OC-071 Screening for Anal Pre-cancer in HIV Positive and Negative Men Who Have Sex With Men (MSM) And Renal Transplant Recipients: Early Experience from a Manchester Based Prospective Study

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The UK National Screening Committee has suggested that screening for anal intraepithelial neoplasia (AIN) in populations at high-risk of anal squamous cell carcinoma may be of benefit, but that further information is needed. In these groups the risk of developing anal cancer is increased up-to 100-fold.


ANALOGY is an ongoing prospective cohort study addressing the feasibility and acceptability of anal screening in high-risk groups, based on liquid based cytology (LBC), HPV testing and high-resolution anoscopy (HRA). High-risk patients aged over 25 with no previous history of anal pre-cancer or cancer who are HIV+ men who have sex with men (MSM), HIV- MSM, HIV+ women with a gynaecological neoplasia history or transplant recipients who are 2-years post-procedure were all recruited. All participants had baseline LBC, HPV typing and HRA at recruitment and at 6-months, with a diagnostic biopsy being taken for participants with an abnormal HRA, referral for colorectal opinion was sought in high-grade AIN (HGAIN 3) on biopsy or HSIL on LBC. Data are presented for participants recruited from March 2013.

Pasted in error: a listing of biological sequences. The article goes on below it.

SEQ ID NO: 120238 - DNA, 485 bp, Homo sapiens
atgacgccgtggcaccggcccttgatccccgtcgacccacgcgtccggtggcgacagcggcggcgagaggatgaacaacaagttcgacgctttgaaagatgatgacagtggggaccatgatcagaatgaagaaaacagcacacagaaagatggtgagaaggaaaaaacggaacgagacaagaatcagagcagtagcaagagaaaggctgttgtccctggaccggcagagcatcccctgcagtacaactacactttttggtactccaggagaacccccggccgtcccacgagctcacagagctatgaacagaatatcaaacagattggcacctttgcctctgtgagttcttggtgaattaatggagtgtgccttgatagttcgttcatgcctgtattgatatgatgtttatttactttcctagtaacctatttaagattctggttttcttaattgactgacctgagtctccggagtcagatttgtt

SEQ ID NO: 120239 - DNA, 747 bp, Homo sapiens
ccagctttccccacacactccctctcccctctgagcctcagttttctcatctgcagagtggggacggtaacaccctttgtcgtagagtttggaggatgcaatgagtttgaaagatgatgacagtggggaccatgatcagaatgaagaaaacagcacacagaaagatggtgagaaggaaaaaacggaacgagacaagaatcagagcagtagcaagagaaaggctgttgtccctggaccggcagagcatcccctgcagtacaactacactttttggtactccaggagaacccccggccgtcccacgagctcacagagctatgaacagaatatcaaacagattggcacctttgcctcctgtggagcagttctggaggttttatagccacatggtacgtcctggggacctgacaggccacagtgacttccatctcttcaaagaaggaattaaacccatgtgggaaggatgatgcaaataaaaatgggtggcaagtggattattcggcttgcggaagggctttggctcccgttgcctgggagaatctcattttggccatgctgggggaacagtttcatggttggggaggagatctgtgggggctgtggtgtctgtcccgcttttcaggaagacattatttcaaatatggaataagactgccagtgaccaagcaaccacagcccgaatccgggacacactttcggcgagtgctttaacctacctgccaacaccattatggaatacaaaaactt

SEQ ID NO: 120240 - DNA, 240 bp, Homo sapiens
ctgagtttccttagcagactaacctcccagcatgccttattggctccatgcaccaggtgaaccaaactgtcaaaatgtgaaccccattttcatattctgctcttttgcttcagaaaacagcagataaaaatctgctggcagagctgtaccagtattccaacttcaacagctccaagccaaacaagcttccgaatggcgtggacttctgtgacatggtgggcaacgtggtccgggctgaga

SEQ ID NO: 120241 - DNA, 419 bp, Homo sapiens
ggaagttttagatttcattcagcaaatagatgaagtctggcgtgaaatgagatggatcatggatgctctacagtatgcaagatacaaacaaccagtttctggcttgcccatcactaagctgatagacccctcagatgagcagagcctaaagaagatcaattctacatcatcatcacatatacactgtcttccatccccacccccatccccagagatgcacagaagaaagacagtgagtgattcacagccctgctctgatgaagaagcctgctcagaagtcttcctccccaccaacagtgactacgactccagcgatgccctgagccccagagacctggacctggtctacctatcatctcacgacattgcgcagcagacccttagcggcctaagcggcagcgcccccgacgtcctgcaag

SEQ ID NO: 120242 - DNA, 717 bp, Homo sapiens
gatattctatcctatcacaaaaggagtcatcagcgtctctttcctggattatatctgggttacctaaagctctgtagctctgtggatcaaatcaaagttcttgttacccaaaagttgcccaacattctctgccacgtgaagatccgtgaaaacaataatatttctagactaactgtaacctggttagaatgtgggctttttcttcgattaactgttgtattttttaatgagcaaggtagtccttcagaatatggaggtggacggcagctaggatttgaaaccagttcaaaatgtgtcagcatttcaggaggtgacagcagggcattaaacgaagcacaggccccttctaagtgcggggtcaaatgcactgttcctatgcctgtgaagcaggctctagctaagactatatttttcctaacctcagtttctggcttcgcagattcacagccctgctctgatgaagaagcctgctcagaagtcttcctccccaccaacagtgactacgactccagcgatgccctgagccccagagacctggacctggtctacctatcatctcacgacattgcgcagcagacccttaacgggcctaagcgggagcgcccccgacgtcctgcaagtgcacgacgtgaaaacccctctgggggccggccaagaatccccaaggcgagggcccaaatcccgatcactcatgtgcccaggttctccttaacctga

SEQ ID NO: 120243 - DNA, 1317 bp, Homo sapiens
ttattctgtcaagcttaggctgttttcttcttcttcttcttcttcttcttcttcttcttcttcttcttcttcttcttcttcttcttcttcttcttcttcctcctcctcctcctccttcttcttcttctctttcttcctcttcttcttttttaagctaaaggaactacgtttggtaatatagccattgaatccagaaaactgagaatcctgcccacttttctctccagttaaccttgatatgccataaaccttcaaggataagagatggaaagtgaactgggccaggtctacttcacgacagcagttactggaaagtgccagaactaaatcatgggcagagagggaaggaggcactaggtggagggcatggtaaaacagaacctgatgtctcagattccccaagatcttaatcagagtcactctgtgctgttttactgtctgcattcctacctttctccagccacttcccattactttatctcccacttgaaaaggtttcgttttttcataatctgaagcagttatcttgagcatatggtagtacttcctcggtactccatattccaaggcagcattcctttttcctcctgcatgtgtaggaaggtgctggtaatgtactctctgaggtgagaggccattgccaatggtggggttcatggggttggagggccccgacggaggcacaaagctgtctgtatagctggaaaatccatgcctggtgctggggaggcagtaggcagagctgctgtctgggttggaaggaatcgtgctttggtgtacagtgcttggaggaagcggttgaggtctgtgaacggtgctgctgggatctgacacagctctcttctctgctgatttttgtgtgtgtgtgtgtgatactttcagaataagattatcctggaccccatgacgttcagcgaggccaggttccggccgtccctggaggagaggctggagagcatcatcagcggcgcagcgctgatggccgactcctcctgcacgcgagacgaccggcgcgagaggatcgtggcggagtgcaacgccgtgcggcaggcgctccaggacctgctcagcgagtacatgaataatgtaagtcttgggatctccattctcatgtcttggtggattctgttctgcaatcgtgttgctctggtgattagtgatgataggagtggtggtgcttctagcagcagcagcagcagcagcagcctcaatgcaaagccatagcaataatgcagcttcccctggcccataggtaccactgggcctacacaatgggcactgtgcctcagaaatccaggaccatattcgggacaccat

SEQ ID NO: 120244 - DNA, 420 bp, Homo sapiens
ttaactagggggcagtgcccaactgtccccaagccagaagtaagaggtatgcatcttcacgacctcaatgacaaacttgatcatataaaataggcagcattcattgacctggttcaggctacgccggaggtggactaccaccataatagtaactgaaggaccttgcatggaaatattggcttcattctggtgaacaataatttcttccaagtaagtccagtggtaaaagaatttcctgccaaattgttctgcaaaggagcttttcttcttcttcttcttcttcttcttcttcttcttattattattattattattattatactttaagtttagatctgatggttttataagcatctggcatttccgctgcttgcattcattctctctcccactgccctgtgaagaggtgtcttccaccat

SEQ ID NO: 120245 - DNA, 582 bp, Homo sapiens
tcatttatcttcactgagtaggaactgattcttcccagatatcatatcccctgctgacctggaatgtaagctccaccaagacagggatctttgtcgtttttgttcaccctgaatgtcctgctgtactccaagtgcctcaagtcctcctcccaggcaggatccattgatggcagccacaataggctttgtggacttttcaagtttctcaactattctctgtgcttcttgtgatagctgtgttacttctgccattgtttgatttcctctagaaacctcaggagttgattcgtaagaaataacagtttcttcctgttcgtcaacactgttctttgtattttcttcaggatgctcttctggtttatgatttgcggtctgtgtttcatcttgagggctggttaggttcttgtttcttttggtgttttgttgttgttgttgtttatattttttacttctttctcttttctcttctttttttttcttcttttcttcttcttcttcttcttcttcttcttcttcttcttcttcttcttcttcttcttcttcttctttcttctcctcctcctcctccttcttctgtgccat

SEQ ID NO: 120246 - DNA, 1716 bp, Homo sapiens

To date, 173 participants have baseline data;78 HIV+ and 25 HIV- MSM, 4 HIV+ women, 42 male and 24 female transplant recipients. Overall 65.8% (114/173) were HPV positive of whom 34.2% (39/114) were HPV 16 positive (30 HIV+ MSM, 7 HIV- MSM, 1 male and 1 female transplant recipients). Abnormal cytology was found in 28.3% (49/173). Abnormal HRA requiring a biopsy was found in 43.3% (75/173) of patients, in HIV+ MSM this proportion was 61.5% (48/78), including 20 high-grade AIN (HGAIN 2 or 3) and one invasive cancer. This constitutes a prevalence of high-grade disease of 26.9% (21/78), 4% (1/25) and 12.5% (3/24) for HIV+, HIV- MSM and renal transplant women respectively. Colorectal referral for HGAIN diagnosed at first visit was required in 7.5% (13/173) of patients, 69.2% (9/13) were HIV+ MSM, 23.1% (3/13) and 7.7% (1/13) were HIV- MSM and a renal transplant woman respectively.


Early experience of anal screening in high-risk groups suggests that it is both acceptable and feasible. Colorectal referral for assessment of HGAIN was more frequent in HIV+ MSM than other high-risk groups. These prevalence data are similar to a recently published meta-analysis.

Disclosure of Interest

None Declared.

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